People of Mixed Ancestry in the Seventeenth-Century Chesapeake: Freedom, Bondage, and the Rise of Hypodescent Ideology

Posted in Articles, History, Law, Media Archive, Native Americans/First Nation, Slavery, United States, Virginia on 2018-04-05 02:58Z by Steven

People of Mixed Ancestry in the Seventeenth-Century Chesapeake: Freedom, Bondage, and the Rise of Hypodescent Ideology

Journal of Social History
Published: 2017-10-17
DOI: 10.1093/jsh/shx113

A. B. Wilkinson, Assistant Professor of History
University of Nevada, Las Vegas

This article examines the origins of mixed-race ideologies and people of mixed African, European, and Native American ancestry—commonly identified as mulattoes—in the seventeenth-century English colonial Chesapeake and wider Atlantic world. Arguably, for the better part of the century, English colonial societies in the Chesapeake resembled Latin America and other Atlantic island colonies in allowing a relatively flexible social hierarchy, in which certain mixed-heritage people benefitted from their European lineage. Chesapeake authorities began to slowly set their provinces apart from their English colonial counterparts in the 1660s, when they enacted laws to deter intimate intermixture between Europeans and other ethnoracial groups and set policies that punished mixed-heritage children. Colonial officials attempted to use the legal system to restrict people of mixed ancestry, Africans, and Native Americans in bondage. These efforts supported the ideology of hypodescent, where children of mixed lineage are relegated more closely to the position of their socially inferior parentage. However, from the 1660s through the 1680s, these laws were unevenly enforced, and mixture increased with the growth of African slaves imported into the region. While many mulattoes were enslaved during this period, others were able to rely on their European heritage or racial whiteness. This allowed them to gain or maintain freedom for themselves and their families, before Virginia and Maryland institutionalized greater restrictions in the 1690s.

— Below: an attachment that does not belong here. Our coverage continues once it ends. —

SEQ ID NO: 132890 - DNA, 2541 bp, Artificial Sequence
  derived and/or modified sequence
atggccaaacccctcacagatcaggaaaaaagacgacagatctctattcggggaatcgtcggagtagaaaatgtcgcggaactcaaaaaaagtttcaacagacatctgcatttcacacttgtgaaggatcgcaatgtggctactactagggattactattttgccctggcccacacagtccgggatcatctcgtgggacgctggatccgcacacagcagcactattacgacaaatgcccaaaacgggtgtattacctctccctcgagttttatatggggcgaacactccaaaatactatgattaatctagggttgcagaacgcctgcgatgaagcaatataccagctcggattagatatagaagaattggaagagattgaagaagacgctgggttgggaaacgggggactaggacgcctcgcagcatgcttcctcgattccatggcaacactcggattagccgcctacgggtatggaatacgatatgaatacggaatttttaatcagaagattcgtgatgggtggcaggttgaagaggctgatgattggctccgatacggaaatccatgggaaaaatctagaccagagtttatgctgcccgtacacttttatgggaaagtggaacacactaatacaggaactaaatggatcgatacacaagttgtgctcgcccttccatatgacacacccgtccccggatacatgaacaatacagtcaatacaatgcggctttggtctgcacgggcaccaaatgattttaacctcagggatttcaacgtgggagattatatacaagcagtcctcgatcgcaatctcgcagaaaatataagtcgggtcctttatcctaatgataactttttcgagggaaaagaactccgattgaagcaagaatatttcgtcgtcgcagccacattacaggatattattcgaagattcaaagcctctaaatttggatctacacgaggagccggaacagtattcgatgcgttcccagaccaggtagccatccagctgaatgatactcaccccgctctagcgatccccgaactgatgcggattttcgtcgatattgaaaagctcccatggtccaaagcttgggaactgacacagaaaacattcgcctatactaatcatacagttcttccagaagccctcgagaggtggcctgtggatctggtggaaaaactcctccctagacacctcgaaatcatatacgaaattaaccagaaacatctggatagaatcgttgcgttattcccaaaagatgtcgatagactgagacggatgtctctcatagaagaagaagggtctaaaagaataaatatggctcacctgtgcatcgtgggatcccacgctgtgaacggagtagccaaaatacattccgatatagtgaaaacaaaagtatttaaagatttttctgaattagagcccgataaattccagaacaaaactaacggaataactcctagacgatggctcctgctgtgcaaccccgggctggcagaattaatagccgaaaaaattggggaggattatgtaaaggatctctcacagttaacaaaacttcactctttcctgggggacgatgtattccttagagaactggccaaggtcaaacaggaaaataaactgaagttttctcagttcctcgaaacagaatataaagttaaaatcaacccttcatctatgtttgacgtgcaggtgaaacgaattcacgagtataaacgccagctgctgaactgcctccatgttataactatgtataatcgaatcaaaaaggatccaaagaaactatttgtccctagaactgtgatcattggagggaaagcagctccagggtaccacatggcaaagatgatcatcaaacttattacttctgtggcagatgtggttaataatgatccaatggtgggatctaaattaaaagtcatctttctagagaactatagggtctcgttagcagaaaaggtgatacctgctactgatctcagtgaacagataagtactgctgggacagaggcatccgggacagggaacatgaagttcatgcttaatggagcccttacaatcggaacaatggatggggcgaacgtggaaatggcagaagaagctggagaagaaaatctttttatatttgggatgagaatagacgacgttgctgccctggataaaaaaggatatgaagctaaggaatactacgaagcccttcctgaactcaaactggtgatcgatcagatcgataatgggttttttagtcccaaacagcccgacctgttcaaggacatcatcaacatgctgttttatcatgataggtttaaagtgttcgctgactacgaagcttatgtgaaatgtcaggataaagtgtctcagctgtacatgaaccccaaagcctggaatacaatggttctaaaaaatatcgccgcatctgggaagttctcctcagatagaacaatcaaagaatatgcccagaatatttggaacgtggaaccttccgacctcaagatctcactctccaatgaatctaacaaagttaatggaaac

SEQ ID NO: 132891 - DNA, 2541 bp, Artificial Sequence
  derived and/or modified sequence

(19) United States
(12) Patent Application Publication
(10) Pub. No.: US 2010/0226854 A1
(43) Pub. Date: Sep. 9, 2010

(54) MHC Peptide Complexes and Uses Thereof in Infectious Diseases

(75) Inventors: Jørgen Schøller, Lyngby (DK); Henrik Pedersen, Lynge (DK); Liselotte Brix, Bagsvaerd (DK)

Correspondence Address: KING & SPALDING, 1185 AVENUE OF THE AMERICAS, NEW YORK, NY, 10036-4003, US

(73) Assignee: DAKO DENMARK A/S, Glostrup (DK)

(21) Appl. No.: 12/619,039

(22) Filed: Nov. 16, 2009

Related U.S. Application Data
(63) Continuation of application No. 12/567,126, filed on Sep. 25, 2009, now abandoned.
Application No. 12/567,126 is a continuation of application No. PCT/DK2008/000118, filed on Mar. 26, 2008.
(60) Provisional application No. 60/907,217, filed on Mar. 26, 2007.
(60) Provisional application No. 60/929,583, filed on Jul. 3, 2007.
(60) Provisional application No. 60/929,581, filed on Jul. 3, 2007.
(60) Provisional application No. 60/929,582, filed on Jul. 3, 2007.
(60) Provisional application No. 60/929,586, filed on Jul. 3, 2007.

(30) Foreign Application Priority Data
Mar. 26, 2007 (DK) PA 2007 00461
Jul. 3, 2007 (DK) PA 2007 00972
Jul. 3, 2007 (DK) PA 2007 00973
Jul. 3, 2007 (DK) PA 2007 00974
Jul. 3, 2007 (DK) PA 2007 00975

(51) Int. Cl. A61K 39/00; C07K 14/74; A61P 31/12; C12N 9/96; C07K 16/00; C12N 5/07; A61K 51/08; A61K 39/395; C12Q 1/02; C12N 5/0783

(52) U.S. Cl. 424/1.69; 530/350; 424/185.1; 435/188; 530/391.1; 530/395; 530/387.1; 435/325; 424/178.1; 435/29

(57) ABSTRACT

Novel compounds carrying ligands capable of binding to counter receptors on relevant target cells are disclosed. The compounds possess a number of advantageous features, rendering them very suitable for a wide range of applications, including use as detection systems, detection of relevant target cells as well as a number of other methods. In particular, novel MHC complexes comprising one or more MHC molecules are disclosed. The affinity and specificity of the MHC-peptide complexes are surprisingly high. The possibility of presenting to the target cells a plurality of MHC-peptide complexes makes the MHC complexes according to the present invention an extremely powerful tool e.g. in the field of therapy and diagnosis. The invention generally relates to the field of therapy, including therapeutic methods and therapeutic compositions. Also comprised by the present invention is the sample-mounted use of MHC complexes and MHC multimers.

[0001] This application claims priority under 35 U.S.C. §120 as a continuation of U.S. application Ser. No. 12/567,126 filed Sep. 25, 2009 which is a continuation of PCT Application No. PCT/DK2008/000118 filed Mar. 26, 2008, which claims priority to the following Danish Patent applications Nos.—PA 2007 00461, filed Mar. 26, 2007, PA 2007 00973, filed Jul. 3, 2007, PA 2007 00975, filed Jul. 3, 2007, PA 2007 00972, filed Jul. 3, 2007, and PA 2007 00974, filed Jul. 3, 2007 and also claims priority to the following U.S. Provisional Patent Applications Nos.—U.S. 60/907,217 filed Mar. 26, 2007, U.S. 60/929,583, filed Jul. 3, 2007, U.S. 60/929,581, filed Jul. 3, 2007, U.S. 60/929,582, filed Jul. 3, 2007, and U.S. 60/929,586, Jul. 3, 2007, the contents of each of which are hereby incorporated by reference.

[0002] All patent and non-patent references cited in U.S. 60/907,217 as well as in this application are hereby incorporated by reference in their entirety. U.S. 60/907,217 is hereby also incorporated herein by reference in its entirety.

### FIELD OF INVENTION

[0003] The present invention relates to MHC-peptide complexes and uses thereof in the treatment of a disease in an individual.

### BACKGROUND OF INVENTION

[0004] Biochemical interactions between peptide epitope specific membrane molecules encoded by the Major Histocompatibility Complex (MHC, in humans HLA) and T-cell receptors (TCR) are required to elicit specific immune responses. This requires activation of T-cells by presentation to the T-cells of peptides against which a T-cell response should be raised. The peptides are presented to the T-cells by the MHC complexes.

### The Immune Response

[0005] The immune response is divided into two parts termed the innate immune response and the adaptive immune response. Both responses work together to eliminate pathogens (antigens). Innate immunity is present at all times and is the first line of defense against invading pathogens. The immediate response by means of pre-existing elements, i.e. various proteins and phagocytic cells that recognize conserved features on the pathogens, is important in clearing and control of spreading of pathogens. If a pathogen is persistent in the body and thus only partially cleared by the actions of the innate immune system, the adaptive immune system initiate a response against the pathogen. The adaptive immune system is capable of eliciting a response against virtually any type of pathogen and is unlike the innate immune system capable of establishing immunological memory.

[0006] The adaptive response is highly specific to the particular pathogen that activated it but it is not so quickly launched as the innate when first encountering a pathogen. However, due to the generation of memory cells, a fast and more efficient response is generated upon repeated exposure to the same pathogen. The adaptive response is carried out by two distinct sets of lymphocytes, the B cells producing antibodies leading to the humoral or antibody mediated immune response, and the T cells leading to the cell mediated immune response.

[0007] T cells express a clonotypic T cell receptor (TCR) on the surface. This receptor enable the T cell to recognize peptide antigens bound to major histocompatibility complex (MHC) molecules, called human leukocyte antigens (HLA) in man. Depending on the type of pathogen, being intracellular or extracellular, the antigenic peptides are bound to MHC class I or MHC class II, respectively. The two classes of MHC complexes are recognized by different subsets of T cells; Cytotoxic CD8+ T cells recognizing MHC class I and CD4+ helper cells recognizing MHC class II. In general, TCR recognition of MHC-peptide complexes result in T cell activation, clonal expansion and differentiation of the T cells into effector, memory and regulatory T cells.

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Partly in response to this sort of experience, the idea of ethnicity has now been replaced by today’s ‘gold standard’ democratic definition – self-declared ethnic affiliation.

Posted in Excerpts/Quotes on 2018-04-05 02:09Z by Steven

When interviewer-based surveys try to gather data on ethnicity their questions may not always capture what they are aiming for; rather, it is the interviewees’ opinion on what ethnic group (or groups) they think they belong to.

Partly in response to this sort of experience, the idea of ethnicity has now been replaced by today’s ‘gold standard’ democratic definition – self-declared ethnic affiliation. In short, you are who you say you are. This may or may not allow people to nominate a mixed or multiple group membership depending on which form you are filling in. Also, your declaration is not subject to approval from the group(s) you claim to belong to. This is the current New Zealand Standard Ethnicity definition.

Geoff Chambers and Paul Callister, “DNA tests are all fine and dandy, but they can never tell us who we really are,” The Dominion Post, April 3, 2018. https://www.stuff.co.nz/dominion-post/comment/102707496/DNA-tests-are-all-fine-and-dandy-but-they-can-never-tell-us-who-we-really-are.

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